Nothing short of this treatment, not to be paralleled among the most savage nations against a woman (and against a woman of such distinction scarce credible, did not two or more of her contemporaries attest it) nothing, I say, but the blood of Hypatia, shed in the most inhuman manner, could glut the fury of Cyril's clergy; for these were the monsters, that putting off all Humanity, committed this barbarous murder. Socrates, 'tis true, distinctly names but one clergyman, "Peter, the lecturer"; but Nicephorus expressly tells us that the Zealots, led on by Peter, were Cyril's clergy, who hated her for the credit she had with Orestes; that they were these, who imputed to her the misunderstanding between the Governor and their Bishop; and finally, that they butchered her in the time of solemn fasting; which, added to their sanctifying of their villainy by perpetuating it in a church, shews the glorious state of religion in those pure and primitive times; as some, no less hypocritically than falsely, are pleased to style them. The citizens of Alexandria, on whom certain persons would fain lay this act of popular heat, as they speak by way of extenuation, were too great admirers of Hypatia's Virtue, and too much in the interest of Orestes, to have any hand in so foul a business, however prone to tumults. All the circumstances accompanying the fact clearly prove this; not to repeat the assault so lately made by the Nitrian monks on the Governor, whom the people rescued; though I will not answer for all the mob, especially when the clergy loo'd them on.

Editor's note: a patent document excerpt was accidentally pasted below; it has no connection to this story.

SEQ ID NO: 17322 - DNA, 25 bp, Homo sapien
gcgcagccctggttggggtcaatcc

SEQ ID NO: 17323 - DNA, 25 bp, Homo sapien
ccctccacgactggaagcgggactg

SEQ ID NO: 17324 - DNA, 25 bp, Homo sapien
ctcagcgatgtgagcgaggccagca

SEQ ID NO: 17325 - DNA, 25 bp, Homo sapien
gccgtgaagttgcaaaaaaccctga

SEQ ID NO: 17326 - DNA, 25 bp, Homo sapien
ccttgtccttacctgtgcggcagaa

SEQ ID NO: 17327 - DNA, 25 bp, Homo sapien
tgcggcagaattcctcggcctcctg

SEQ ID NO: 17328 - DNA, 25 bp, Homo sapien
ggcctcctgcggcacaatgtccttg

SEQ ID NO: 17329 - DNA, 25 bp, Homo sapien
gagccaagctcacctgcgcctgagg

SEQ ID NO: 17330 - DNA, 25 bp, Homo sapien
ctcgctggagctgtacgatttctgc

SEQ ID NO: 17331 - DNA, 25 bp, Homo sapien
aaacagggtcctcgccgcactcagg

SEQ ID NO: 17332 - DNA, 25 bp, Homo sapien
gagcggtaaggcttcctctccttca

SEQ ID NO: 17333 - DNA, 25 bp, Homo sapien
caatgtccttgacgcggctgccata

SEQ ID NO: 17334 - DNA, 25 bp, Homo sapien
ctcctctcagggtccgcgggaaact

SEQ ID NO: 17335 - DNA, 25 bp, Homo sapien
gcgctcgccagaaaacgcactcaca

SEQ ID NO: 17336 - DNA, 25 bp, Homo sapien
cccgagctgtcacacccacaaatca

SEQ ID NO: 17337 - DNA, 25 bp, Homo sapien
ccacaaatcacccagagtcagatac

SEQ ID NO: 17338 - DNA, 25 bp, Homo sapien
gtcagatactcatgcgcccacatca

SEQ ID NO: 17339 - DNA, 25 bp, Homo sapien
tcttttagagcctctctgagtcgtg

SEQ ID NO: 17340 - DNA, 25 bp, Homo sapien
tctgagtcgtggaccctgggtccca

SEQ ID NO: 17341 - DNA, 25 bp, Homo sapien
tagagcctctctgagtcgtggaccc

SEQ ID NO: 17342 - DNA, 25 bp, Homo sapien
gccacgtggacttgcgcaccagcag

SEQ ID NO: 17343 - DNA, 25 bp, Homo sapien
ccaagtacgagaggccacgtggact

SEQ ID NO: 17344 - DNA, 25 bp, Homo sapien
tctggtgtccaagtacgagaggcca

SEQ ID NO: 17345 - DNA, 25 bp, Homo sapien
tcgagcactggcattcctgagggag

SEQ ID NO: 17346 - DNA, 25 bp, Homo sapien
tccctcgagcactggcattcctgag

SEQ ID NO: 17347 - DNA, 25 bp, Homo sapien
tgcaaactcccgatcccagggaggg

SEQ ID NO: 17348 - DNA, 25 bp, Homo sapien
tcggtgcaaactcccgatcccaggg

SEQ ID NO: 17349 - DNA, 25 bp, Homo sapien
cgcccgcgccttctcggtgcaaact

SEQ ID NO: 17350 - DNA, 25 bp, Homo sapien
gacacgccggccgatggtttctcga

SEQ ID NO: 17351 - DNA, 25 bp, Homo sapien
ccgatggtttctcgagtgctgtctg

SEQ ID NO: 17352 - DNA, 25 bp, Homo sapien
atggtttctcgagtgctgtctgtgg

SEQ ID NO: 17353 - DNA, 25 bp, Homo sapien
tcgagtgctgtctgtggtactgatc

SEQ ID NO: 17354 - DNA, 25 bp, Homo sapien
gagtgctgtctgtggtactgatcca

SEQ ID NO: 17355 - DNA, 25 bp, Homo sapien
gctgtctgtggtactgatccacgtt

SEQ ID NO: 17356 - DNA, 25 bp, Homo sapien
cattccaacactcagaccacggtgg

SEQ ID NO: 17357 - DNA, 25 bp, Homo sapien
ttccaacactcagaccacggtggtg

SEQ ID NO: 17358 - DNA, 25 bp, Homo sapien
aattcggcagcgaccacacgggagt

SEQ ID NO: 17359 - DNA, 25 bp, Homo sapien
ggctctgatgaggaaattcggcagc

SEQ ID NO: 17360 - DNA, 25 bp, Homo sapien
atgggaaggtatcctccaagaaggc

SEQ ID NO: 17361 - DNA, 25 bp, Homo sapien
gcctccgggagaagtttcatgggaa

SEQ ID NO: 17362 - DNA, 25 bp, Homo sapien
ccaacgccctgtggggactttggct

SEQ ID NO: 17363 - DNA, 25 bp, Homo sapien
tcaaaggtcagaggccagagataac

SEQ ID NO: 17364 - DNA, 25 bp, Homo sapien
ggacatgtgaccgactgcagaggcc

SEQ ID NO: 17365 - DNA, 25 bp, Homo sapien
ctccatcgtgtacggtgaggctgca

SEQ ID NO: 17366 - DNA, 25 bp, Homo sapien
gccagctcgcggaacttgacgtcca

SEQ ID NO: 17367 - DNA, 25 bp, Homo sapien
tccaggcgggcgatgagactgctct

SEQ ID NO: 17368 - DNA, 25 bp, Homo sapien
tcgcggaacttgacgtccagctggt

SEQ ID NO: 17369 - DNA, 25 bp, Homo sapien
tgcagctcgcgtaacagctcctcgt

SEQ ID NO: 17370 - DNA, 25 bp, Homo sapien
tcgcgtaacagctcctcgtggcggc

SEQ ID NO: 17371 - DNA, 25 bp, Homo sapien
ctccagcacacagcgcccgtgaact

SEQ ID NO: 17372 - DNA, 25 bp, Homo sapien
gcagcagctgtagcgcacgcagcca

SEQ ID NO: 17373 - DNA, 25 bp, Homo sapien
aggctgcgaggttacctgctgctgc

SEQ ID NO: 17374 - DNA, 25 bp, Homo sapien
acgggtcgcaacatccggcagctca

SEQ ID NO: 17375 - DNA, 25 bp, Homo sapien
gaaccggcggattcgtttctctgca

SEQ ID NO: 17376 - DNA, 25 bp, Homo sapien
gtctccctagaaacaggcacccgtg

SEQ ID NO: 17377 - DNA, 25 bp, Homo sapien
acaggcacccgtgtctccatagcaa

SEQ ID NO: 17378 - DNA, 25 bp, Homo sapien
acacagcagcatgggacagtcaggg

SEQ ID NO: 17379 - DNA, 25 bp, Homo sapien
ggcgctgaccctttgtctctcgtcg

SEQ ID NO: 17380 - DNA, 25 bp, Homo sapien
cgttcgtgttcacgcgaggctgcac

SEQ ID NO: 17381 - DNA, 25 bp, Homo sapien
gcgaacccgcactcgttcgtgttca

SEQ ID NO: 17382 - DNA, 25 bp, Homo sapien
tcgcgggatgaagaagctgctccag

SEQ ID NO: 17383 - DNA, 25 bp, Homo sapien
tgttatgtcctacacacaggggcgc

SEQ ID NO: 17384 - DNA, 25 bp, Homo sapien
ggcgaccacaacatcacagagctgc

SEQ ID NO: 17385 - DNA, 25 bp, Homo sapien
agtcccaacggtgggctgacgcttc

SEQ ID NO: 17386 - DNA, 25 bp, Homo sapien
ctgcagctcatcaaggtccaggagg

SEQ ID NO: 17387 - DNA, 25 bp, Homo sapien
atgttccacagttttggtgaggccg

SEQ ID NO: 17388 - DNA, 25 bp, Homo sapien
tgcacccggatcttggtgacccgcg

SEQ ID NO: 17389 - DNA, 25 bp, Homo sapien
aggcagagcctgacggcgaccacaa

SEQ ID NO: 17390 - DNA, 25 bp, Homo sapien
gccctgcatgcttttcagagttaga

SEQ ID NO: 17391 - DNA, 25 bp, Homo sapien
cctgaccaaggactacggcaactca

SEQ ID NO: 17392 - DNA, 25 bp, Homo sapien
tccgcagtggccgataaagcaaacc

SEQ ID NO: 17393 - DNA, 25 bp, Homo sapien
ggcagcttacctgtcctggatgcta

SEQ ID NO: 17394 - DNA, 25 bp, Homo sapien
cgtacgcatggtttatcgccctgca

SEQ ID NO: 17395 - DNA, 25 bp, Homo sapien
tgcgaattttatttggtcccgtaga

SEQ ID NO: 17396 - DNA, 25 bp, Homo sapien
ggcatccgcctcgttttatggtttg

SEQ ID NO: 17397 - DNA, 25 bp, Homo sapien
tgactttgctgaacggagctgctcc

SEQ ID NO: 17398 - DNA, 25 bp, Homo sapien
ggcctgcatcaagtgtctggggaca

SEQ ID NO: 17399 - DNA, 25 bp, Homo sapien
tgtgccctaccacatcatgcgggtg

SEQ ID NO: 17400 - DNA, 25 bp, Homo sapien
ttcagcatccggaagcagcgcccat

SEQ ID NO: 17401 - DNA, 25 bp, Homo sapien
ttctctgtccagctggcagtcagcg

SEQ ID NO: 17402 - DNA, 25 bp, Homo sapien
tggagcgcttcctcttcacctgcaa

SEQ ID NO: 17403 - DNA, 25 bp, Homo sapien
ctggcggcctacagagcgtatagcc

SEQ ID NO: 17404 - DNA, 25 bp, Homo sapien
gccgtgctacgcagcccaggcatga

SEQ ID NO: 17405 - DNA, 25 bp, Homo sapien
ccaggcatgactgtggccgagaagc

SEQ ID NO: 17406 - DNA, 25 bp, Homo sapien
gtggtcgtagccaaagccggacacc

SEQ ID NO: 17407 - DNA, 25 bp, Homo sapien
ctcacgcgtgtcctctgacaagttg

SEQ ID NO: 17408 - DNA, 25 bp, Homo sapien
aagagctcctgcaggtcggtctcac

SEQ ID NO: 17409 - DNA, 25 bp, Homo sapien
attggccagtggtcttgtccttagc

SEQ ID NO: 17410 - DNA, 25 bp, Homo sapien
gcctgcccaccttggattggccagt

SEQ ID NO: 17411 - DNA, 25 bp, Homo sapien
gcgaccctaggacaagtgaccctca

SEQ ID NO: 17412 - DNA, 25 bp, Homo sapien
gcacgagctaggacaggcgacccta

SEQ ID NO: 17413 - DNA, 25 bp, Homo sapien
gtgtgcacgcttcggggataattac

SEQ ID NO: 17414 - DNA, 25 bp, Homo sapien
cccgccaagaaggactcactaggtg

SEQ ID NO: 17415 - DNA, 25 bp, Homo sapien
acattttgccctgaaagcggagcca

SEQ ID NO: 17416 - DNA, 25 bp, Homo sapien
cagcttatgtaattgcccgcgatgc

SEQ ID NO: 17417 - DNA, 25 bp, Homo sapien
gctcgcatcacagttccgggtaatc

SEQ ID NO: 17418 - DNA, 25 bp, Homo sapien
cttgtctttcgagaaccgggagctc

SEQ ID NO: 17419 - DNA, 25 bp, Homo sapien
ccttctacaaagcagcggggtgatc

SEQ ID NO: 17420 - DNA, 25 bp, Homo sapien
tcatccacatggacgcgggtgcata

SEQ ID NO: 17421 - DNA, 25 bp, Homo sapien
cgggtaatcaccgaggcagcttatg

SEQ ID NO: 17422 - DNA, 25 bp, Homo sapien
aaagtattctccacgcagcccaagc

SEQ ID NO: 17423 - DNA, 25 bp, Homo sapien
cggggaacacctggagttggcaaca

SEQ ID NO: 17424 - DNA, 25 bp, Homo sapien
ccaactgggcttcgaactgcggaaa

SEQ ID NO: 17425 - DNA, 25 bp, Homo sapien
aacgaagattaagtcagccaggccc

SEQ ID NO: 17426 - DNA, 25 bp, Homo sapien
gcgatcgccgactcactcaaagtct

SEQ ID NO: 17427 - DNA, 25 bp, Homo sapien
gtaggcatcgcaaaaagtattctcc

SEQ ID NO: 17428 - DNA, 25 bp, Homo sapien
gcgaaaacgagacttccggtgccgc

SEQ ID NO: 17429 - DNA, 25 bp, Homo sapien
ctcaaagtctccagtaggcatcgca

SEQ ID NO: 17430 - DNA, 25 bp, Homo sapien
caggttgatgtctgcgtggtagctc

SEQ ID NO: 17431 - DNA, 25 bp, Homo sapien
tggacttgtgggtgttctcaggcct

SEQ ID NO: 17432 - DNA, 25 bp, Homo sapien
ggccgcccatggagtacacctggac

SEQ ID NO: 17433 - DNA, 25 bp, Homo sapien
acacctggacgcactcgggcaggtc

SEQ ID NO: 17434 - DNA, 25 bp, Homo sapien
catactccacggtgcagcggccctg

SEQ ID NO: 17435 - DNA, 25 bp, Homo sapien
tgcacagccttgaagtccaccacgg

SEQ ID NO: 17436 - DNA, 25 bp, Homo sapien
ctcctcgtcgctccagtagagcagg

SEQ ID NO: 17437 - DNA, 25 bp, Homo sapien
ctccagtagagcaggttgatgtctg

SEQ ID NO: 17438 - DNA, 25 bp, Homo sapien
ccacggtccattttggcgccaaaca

Be it so that the clergy of Alexandria were the murderers (some may say) and that their affection for Cyril transported them beyond what can be justified; how does it appear that he himself had any hand in this black deed, which perhaps he neither knew nor could prevent?

For the sake of our common humanity (since true Christianity is not at all concerned) I wish it were so; but there is such evidence as will not let any man, if not wilfully shutting his eyes against the truth, to believe it. Damascius, who is the other contemporary witness of her murder (I meant besides Socrates) positively affirms that "Cyril vowed Hypatia's destruction, whom he bitterly envied;" and Suidas, who writes the same thing says, that this envy was caused by her "extraordinary wisdom and skill in astronomy;" as Hesychius, when he mentions her limbs being carried all over the city in triumph, writes that, "This befell her on the score of her extraordinary wisdom, and especially her skill in astronomy." For Cyril was a mighty pretender to letters, and one of those clergymen who will neither acknowledge nor bear the superiority of any layman in this respect, be it ever so incontestable to others. But some circumstances of Hypatia's death, not mentioned in Socrates, are preserved in the abridgement of Isidorus's life in Photius, such as Valesius had it; and which I here give you, reader, though it should cost you the tribute of one tear more to her memory.